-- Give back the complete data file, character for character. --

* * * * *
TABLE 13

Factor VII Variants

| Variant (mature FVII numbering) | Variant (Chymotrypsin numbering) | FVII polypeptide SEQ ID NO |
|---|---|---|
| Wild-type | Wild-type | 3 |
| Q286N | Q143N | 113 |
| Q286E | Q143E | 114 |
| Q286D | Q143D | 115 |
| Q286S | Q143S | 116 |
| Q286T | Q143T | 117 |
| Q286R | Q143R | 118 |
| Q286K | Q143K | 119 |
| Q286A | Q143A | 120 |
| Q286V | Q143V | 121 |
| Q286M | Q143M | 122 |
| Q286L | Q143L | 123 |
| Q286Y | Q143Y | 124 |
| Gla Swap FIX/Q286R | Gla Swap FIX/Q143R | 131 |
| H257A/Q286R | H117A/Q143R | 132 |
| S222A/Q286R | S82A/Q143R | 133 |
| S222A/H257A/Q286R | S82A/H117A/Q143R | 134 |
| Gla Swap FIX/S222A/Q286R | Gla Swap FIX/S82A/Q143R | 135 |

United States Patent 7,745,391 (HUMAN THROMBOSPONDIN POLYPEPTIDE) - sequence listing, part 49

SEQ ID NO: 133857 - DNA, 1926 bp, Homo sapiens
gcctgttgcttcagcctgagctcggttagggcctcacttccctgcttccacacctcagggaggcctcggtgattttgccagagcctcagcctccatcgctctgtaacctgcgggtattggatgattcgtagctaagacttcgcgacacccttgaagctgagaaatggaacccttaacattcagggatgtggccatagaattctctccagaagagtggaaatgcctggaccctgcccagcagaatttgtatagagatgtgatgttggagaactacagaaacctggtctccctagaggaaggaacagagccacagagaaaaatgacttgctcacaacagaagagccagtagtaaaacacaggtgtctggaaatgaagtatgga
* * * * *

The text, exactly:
TABLE 13

Factor VII Variants

| Variant (mature FVII numbering) | Variant (Chymotrypsin numbering) | FVII polypeptide SEQ ID NO |
|---|---|---|
| Wild-type | Wild-type | 3 |
| Q286N | Q143N | 113 |
| Q286E | Q143E | 114 |
| Q286D | Q143D | 115 |
| Q286S | Q143S | 116 |
| Q286T | Q143T | 117 |
| Q286R | Q143R | 118 |
| Q286K | Q143K | 119 |
| Q286A | Q143A | 120 |
| Q286V | Q143V | 121 |
| Q286M | Q143M | 122 |
| Q286L | Q143L | 123 |
| Q286Y | Q143Y | 124 |
| Gla Swap FIX/Q286R | Gla Swap FIX/Q143R | 131 |
| H257A/Q286R | H117A/Q143R | 132 |
| S222A/Q286R | S82A/Q143R | 133 |
| S222A/H257A/Q286R | S82A/H117A/Q143R | 134 |
| Gla Swap FIX/S222A/Q286R | Gla Swap FIX/S82A/Q143R | 135 |

United States Patent 7,745,391 (HUMAN THROMBOSPONDIN POLYPEPTIDE) - sequence listing, part 49

SEQ ID NO: 133857 - DNA, 1926 bp, Homo sapiens
gcctgttgcttcagcctgagctcggttagggcctcacttccctgcttccacacctcagggaggcctcggtgattttgccagagcctcagcctccatcgctctgtaacctgcgggtattggatgattcgtagctaagacttcgcgacacccttgaagctgagaaatggaacccttaacattcagggatgtggccatagaattctctccagaagagtggaaatgcctggaccctgcccagcagaatttgtatagagatgtgatgttggagaactacagaaacctggtctccctagaggaaggaacagagccacagagaaaaatgacttgctcacaacagaagagccagtagtaaaacacaggtgtctggaaatgaagtatgga